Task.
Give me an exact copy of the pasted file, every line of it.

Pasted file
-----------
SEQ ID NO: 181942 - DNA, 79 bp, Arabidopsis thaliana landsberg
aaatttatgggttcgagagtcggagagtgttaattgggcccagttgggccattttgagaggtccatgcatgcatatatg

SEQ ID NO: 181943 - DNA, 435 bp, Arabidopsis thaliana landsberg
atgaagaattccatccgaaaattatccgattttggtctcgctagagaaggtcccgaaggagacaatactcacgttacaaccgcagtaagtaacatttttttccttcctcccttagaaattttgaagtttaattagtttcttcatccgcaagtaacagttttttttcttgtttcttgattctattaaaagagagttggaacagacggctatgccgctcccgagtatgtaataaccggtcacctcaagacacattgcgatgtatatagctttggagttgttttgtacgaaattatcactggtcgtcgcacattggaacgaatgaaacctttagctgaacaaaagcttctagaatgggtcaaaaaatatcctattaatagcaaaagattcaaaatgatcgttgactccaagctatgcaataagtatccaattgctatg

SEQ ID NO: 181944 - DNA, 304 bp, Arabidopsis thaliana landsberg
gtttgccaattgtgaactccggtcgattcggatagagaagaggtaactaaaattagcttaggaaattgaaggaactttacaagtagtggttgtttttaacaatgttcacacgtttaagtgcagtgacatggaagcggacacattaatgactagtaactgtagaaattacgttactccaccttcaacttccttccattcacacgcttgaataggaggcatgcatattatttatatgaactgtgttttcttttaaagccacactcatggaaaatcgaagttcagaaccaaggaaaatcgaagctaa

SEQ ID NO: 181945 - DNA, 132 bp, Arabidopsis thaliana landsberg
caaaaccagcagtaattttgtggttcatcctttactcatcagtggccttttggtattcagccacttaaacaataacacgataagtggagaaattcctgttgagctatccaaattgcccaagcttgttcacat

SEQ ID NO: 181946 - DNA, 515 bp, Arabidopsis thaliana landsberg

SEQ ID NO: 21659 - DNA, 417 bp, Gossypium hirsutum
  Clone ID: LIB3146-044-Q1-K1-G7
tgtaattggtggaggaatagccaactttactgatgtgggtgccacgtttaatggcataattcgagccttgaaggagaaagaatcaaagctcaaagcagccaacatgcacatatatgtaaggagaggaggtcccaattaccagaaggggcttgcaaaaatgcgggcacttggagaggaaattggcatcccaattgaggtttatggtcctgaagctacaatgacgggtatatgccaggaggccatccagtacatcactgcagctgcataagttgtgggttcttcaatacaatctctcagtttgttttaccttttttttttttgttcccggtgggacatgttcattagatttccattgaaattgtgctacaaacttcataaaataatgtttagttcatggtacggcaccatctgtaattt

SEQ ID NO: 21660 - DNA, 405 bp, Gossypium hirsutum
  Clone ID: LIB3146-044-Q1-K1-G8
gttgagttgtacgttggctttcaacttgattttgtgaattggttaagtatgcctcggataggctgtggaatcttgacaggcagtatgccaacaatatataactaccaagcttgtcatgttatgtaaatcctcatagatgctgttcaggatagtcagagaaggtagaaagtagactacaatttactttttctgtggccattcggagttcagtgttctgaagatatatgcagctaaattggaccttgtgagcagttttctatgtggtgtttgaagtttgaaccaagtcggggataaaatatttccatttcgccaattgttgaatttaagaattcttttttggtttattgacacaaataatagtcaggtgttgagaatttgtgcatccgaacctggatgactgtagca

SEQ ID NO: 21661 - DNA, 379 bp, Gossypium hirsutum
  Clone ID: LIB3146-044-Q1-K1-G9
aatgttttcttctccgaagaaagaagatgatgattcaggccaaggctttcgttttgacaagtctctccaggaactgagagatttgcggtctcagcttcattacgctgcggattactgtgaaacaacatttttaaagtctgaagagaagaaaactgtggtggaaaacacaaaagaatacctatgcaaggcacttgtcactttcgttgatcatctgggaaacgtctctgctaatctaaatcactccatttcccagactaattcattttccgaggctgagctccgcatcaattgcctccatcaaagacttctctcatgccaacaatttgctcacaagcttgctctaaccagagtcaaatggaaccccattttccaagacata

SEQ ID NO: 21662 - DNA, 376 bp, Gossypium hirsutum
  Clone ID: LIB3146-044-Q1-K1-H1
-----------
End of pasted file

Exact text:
SEQ ID NO: 181942 - DNA, 79 bp, Arabidopsis thaliana landsberg
aaatttatgggttcgagagtcggagagtgttaattgggcccagttgggccattttgagaggtccatgcatgcatatatg

SEQ ID NO: 181943 - DNA, 435 bp, Arabidopsis thaliana landsberg
atgaagaattccatccgaaaattatccgattttggtctcgctagagaaggtcccgaaggagacaatactcacgttacaaccgcagtaagtaacatttttttccttcctcccttagaaattttgaagtttaattagtttcttcatccgcaagtaacagttttttttcttgtttcttgattctattaaaagagagttggaacagacggctatgccgctcccgagtatgtaataaccggtcacctcaagacacattgcgatgtatatagctttggagttgttttgtacgaaattatcactggtcgtcgcacattggaacgaatgaaacctttagctgaacaaaagcttctagaatgggtcaaaaaatatcctattaatagcaaaagattcaaaatgatcgttgactccaagctatgcaataagtatccaattgctatg

SEQ ID NO: 181944 - DNA, 304 bp, Arabidopsis thaliana landsberg
gtttgccaattgtgaactccggtcgattcggatagagaagaggtaactaaaattagcttaggaaattgaaggaactttacaagtagtggttgtttttaacaatgttcacacgtttaagtgcagtgacatggaagcggacacattaatgactagtaactgtagaaattacgttactccaccttcaacttccttccattcacacgcttgaataggaggcatgcatattatttatatgaactgtgttttcttttaaagccacactcatggaaaatcgaagttcagaaccaaggaaaatcgaagctaa

SEQ ID NO: 181945 - DNA, 132 bp, Arabidopsis thaliana landsberg
caaaaccagcagtaattttgtggttcatcctttactcatcagtggccttttggtattcagccacttaaacaataacacgataagtggagaaattcctgttgagctatccaaattgcccaagcttgttcacat

SEQ ID NO: 181946 - DNA, 515 bp, Arabidopsis thaliana landsberg

SEQ ID NO: 21659 - DNA, 417 bp, Gossypium hirsutum
  Clone ID: LIB3146-044-Q1-K1-G7
tgtaattggtggaggaatagccaactttactgatgtgggtgccacgtttaatggcataattcgagccttgaaggagaaagaatcaaagctcaaagcagccaacatgcacatatatgtaaggagaggaggtcccaattaccagaaggggcttgcaaaaatgcgggcacttggagaggaaattggcatcccaattgaggtttatggtcctgaagctacaatgacgggtatatgccaggaggccatccagtacatcactgcagctgcataagttgtgggttcttcaatacaatctctcagtttgttttaccttttttttttttgttcccggtgggacatgttcattagatttccattgaaattgtgctacaaacttcataaaataatgtttagttcatggtacggcaccatctgtaattt

SEQ ID NO: 21660 - DNA, 405 bp, Gossypium hirsutum
  Clone ID: LIB3146-044-Q1-K1-G8
gttgagttgtacgttggctttcaacttgattttgtgaattggttaagtatgcctcggataggctgtggaatcttgacaggcagtatgccaacaatatataactaccaagcttgtcatgttatgtaaatcctcatagatgctgttcaggatagtcagagaaggtagaaagtagactacaatttactttttctgtggccattcggagttcagtgttctgaagatatatgcagctaaattggaccttgtgagcagttttctatgtggtgtttgaagtttgaaccaagtcggggataaaatatttccatttcgccaattgttgaatttaagaattcttttttggtttattgacacaaataatagtcaggtgttgagaatttgtgcatccgaacctggatgactgtagca

SEQ ID NO: 21661 - DNA, 379 bp, Gossypium hirsutum
  Clone ID: LIB3146-044-Q1-K1-G9
aatgttttcttctccgaagaaagaagatgatgattcaggccaaggctttcgttttgacaagtctctccaggaactgagagatttgcggtctcagcttcattacgctgcggattactgtgaaacaacatttttaaagtctgaagagaagaaaactgtggtggaaaacacaaaagaatacctatgcaaggcacttgtcactttcgttgatcatctgggaaacgtctctgctaatctaaatcactccatttcccagactaattcattttccgaggctgagctccgcatcaattgcctccatcaaagacttctctcatgccaacaatttgctcacaagcttgctctaaccagagtcaaatggaaccccattttccaagacata

SEQ ID NO: 21662 - DNA, 376 bp, Gossypium hirsutum
  Clone ID: LIB3146-044-Q1-K1-H1